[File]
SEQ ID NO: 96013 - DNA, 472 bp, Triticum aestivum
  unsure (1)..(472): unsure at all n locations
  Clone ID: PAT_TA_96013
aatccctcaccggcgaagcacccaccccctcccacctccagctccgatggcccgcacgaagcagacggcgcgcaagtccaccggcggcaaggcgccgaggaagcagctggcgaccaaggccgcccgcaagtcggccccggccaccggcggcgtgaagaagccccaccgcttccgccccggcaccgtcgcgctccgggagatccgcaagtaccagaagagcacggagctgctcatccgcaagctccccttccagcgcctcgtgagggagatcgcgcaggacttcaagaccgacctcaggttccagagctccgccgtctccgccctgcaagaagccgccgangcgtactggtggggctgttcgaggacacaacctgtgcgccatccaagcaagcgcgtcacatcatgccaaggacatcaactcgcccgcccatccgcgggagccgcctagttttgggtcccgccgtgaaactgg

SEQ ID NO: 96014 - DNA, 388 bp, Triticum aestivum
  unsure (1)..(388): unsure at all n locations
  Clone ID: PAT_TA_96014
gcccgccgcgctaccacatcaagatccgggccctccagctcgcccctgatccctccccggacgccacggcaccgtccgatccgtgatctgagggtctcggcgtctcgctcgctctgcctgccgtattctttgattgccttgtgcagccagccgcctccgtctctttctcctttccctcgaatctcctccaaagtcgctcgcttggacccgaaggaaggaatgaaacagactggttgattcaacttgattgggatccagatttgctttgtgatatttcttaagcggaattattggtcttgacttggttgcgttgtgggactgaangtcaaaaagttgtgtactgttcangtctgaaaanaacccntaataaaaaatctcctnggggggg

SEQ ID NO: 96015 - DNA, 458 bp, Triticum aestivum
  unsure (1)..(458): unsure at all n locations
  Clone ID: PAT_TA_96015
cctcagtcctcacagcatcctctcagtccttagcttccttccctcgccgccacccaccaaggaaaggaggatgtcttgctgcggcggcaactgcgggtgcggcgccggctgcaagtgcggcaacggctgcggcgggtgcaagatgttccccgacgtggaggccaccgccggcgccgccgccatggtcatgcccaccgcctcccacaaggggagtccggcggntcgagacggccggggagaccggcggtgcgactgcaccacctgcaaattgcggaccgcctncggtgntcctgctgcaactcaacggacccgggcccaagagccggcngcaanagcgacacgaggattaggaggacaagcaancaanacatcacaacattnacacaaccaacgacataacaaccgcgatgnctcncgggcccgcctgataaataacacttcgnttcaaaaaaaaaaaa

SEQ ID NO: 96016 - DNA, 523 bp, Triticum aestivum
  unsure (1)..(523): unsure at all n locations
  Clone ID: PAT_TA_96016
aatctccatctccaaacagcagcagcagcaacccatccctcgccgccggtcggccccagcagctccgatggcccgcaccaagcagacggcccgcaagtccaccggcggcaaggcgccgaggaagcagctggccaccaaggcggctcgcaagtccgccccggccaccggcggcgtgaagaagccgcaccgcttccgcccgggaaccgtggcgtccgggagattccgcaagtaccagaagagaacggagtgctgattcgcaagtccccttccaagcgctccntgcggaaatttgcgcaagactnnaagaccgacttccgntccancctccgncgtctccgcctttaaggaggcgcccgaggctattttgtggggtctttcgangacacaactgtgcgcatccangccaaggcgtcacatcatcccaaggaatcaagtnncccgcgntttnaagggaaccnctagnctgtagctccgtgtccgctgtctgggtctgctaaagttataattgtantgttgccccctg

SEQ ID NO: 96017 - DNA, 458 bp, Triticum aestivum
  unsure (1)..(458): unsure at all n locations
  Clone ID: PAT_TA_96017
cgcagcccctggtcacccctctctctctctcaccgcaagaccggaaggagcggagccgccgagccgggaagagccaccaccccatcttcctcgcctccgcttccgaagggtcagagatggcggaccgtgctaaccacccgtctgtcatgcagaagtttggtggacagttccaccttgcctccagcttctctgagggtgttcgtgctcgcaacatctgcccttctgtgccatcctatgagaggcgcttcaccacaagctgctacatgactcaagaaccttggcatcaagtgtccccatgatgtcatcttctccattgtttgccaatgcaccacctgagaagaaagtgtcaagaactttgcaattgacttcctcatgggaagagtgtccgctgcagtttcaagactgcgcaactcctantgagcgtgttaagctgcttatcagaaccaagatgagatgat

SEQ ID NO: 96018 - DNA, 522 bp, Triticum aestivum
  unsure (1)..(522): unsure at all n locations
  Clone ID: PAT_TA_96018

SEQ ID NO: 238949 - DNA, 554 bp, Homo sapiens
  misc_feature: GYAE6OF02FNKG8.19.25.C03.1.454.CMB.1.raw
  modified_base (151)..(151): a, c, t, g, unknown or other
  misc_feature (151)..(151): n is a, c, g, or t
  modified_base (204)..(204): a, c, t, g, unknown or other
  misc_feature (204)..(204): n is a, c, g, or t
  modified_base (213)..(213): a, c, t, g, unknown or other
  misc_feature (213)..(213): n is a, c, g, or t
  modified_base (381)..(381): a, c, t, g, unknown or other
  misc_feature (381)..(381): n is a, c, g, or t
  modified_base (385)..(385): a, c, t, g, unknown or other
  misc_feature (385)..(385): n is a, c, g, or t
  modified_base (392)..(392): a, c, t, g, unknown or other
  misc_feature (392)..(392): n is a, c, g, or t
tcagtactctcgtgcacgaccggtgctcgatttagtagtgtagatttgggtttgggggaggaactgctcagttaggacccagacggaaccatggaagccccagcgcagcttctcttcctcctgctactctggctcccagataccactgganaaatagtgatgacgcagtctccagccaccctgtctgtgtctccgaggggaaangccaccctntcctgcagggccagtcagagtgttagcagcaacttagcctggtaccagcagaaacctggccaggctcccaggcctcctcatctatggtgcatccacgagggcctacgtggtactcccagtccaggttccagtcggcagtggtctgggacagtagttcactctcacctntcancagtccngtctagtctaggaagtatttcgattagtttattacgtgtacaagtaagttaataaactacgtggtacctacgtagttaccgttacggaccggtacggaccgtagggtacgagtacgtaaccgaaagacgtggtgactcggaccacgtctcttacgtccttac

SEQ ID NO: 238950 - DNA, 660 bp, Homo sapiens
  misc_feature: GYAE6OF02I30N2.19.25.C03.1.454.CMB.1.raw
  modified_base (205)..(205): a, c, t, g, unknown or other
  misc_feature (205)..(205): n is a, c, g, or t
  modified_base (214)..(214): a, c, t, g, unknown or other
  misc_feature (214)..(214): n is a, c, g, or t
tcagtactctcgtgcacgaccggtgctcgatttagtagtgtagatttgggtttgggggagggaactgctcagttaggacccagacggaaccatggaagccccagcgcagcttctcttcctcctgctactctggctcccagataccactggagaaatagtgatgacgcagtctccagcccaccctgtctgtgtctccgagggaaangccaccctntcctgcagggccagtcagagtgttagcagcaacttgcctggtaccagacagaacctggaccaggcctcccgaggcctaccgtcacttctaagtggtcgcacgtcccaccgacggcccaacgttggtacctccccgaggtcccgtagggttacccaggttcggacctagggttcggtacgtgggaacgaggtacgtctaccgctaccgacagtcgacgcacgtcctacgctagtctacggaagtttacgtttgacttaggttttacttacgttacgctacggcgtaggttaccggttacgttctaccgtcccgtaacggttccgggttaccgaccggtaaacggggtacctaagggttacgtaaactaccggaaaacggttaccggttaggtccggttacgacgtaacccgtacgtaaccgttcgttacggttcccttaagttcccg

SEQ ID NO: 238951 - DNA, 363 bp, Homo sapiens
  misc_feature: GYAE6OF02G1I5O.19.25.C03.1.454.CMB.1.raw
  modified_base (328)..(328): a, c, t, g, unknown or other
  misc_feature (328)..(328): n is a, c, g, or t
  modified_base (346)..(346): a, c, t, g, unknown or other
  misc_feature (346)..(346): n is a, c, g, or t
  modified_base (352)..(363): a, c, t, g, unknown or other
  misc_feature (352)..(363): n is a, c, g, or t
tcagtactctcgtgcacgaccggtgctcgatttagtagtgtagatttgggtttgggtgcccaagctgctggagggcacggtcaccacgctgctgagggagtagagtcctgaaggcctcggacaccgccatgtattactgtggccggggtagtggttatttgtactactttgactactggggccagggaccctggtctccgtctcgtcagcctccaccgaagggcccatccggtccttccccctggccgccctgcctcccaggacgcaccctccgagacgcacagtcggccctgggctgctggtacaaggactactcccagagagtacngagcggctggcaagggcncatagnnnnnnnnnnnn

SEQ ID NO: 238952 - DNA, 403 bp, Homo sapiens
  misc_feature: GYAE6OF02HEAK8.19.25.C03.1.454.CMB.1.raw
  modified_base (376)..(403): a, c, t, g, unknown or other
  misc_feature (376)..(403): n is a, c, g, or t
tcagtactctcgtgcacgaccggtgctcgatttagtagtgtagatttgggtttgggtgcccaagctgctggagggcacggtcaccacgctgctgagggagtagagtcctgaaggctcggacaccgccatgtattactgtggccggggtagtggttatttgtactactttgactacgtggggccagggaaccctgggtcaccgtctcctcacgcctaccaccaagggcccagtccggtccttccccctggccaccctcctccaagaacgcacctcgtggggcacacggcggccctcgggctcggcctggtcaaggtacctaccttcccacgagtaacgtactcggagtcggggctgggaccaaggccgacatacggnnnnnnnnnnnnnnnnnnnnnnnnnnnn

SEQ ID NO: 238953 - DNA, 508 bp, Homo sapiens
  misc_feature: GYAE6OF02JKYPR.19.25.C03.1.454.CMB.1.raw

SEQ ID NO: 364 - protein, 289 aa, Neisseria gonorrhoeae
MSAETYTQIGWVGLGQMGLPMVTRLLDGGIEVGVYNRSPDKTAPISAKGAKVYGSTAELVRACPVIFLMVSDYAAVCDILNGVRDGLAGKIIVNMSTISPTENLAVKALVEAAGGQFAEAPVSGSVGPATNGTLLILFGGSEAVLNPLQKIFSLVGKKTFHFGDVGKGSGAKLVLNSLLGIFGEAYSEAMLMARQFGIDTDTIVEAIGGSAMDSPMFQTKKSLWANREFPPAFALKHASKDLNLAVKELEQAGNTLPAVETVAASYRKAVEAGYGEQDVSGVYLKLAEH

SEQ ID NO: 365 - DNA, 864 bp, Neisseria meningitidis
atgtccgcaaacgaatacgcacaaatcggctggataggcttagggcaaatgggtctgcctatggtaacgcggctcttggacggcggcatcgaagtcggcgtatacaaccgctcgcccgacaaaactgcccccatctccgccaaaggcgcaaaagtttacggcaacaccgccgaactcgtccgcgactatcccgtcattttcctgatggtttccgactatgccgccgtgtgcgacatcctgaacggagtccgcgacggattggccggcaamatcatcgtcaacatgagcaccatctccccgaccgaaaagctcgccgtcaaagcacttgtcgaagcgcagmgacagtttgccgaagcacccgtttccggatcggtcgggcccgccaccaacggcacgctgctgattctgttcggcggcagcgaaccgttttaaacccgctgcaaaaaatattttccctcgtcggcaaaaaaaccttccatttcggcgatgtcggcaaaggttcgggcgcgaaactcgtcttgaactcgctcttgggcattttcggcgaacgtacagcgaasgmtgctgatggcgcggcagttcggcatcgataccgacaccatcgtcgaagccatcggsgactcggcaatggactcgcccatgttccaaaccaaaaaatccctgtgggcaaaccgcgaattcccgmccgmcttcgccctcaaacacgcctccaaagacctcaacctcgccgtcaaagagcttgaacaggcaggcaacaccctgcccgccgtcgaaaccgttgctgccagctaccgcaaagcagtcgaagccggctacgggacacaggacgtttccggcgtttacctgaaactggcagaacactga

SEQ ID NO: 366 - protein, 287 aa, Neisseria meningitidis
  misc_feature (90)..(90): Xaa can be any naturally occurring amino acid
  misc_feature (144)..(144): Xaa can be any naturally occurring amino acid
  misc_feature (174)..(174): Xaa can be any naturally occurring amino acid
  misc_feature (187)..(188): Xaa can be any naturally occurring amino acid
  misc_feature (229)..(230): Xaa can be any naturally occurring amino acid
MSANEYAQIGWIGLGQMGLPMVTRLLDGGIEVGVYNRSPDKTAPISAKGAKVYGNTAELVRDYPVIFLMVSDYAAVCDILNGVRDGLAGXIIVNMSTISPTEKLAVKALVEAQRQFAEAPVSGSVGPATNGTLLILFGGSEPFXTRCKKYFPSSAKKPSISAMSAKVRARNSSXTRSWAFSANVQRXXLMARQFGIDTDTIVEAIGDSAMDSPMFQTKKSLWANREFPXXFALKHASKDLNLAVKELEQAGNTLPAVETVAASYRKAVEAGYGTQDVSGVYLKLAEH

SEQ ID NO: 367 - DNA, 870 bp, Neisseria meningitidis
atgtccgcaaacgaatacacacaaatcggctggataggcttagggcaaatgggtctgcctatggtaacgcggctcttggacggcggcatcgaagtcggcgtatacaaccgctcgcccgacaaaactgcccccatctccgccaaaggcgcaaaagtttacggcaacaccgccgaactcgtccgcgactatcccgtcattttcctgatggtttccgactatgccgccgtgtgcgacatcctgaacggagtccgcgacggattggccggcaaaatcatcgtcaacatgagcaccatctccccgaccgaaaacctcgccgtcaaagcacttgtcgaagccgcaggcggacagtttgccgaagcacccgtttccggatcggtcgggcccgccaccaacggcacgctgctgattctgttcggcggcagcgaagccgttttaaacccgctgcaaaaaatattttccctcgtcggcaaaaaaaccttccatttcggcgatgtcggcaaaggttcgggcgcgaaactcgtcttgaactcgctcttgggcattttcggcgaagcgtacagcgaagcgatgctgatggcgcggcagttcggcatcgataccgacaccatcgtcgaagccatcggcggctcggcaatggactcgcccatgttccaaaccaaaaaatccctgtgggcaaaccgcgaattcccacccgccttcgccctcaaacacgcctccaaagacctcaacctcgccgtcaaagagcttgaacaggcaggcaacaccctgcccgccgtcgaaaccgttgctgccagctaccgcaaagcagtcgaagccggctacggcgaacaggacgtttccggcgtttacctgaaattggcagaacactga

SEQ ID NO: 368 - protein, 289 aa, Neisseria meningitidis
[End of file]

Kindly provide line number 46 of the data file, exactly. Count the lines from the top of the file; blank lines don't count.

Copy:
SEQ ID NO: 238951 - DNA, 363 bp, Homo sapiens